It's the early fall of 1995 and the first time in a long time where Sam Winchester feels proud of himself.
There's no one giving him crap about the new kid status, he managed to make normal friends in the past three weeks of middle school, and his teammates on his now divisional championship soccer team cheer energetically on the field around him. Sam's knee guards cake in slimy mud, his cheeks sweaty and beet red. He can't stop grinning as Anthony and Elijah and Danny surround him, hooting and whooping, clapping him on the back of his uniform and half-embracing, half-climbing on top of him.
For once, Sam isn't reminded of his family's business or treated like some kind of freak.
He had even seen Dean in the stands with his parents, his oversized, leather jacket flapping around him, sun glinting off the horned amulet bouncing off his chest, as his sixteen-year-old brother shot up on his feet and punched the air in victory when Sam had dirtied himself up scoring a goal towards the end of the match. Not eyeballing the pretty, petite redhead in the jiggling V-neck rows down. It's… it's damn near perfect.
He wipes the perspiration building into his hairline with both of his palms, laughing genuinely when a thinner, bonier arm roughly clings around his neck — break your opponent's grip by shifting your weight to the side and crashing your elbow into their solar plexus — and Anthony's voice yells full-force into Sam's ear, "You're coming to the pizza place with us after this, aren't you, Sam?"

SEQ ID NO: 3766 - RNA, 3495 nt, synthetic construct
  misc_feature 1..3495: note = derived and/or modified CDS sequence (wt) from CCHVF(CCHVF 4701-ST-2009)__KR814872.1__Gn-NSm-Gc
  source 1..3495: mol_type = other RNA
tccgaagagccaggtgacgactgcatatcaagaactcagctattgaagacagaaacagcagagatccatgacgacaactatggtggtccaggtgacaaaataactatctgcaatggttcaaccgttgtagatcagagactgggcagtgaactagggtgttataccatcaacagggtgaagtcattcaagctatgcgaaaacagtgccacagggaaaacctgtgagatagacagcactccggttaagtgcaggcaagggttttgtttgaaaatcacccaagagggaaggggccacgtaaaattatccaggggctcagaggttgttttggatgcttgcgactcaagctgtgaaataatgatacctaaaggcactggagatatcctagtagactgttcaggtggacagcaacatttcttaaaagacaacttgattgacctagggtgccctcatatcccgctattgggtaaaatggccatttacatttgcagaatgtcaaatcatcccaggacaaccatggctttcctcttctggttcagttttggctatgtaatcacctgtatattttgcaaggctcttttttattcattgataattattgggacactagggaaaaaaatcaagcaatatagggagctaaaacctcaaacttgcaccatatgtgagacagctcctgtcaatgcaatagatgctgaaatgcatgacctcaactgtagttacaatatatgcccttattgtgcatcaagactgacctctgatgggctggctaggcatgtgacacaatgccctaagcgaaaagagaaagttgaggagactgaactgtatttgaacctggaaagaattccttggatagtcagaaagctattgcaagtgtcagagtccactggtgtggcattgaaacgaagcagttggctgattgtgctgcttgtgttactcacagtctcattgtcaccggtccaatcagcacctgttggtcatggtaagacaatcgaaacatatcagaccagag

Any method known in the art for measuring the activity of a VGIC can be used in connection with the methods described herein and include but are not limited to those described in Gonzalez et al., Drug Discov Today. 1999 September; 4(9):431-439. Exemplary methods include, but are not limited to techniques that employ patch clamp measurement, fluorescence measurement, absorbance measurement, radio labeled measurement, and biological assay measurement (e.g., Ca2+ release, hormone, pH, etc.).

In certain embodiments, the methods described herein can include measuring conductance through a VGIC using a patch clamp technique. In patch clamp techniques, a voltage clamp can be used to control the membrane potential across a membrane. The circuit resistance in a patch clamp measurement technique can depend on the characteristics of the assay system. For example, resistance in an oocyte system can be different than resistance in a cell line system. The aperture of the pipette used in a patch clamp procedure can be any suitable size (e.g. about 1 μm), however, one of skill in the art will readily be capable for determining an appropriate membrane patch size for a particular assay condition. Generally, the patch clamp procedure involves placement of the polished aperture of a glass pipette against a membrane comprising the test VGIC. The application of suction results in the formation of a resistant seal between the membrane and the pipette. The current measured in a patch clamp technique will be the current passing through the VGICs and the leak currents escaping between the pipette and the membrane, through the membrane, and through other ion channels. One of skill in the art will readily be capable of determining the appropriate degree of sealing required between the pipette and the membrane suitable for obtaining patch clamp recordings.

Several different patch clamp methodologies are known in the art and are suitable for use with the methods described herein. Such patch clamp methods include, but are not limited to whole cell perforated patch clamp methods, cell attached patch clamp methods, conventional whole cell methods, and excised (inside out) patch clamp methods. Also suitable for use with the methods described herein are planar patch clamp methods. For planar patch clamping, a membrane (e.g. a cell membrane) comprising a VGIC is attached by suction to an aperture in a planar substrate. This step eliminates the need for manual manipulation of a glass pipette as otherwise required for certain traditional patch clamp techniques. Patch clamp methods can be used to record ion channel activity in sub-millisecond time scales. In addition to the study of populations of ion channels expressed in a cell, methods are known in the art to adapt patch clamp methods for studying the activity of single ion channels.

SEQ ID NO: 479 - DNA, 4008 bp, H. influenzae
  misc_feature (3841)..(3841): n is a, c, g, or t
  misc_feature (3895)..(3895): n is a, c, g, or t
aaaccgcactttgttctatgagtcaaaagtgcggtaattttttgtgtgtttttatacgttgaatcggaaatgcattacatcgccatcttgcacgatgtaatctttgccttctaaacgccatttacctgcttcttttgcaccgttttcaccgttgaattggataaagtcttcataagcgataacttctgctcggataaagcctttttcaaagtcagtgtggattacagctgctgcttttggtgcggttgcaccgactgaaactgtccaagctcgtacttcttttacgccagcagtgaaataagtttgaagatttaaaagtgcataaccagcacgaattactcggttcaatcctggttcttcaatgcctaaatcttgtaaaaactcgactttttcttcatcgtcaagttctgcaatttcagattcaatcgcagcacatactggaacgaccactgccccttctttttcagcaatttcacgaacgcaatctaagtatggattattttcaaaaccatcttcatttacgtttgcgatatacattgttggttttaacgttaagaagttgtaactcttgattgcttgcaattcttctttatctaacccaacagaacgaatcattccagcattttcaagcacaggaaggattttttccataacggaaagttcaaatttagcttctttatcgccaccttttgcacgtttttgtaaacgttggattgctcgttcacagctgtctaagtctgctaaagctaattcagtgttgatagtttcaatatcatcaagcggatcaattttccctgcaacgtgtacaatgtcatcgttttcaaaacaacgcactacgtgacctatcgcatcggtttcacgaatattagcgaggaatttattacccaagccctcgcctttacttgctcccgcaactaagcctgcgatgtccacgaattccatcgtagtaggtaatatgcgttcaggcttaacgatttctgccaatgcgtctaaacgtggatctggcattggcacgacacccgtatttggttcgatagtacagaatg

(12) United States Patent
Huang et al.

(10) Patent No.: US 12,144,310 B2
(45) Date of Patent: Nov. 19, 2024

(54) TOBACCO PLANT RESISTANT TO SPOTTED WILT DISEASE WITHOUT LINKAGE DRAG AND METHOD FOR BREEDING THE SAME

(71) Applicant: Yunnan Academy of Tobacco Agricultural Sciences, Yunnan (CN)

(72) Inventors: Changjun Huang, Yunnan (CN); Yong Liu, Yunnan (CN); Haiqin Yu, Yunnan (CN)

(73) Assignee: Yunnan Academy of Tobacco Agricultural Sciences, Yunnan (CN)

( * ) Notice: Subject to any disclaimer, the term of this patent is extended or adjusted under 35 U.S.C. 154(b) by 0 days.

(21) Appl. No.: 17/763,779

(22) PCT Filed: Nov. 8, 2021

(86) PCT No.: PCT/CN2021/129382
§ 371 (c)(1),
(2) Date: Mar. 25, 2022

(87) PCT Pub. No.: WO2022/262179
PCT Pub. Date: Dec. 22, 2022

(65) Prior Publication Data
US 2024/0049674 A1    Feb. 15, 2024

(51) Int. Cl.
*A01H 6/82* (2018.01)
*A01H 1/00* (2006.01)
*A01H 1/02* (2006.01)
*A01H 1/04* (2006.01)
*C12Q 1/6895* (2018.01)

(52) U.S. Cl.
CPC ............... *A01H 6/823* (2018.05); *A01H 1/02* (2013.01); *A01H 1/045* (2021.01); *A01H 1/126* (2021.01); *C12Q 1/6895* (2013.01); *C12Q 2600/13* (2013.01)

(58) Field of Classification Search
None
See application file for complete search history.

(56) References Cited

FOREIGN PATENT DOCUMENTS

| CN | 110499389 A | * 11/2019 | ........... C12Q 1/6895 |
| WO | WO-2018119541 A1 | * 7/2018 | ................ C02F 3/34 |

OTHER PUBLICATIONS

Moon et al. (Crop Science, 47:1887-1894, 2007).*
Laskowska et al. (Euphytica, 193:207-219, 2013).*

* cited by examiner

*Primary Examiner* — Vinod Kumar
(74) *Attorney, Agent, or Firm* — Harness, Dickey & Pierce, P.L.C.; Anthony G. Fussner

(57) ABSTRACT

"You better!" Danny pipes up from their left. "Coach Haas has already promised that he's gonna pay for the ten extra-large pizzas!" Someone's hand noogies against the top of Sam's head — once you've got the wrist locked, apply enough pressure to the radiocarpal joint — but the muscles in his face don't relent on the grinning stain, even if they are getting numb from the ache.
"Sure," he says. "I just gotta tell Dean first."
Sam's eyes swerve back to the emptying stands, hoping to catch the welcoming image of Dean grinning as hard as he is, those tanned, freckled cheeks dimpled, and flashing his two-thumbs up to Sam. Instead, his older brother has his cell phone flipped open, seeming to be shouting into it, and with a finger crammed deep in the other available ear. Dean's expression arranges into one of absolute obedience towards the other person on the phone.
Clear, green eyes hone in on Sam's own pair in the distance.
The urge to run, to just GO — go somewhere far, far, far away where no one can find him — crawls over him. Like an itch Sam just really wants to compulsively scratch at. Has been wanting to. Damn everyone and just scratch. Because no one is ruining this for him.
Unable to contain his anger, Sam marches up to his brother leaping over the stand's side-banister and patting off his jacket.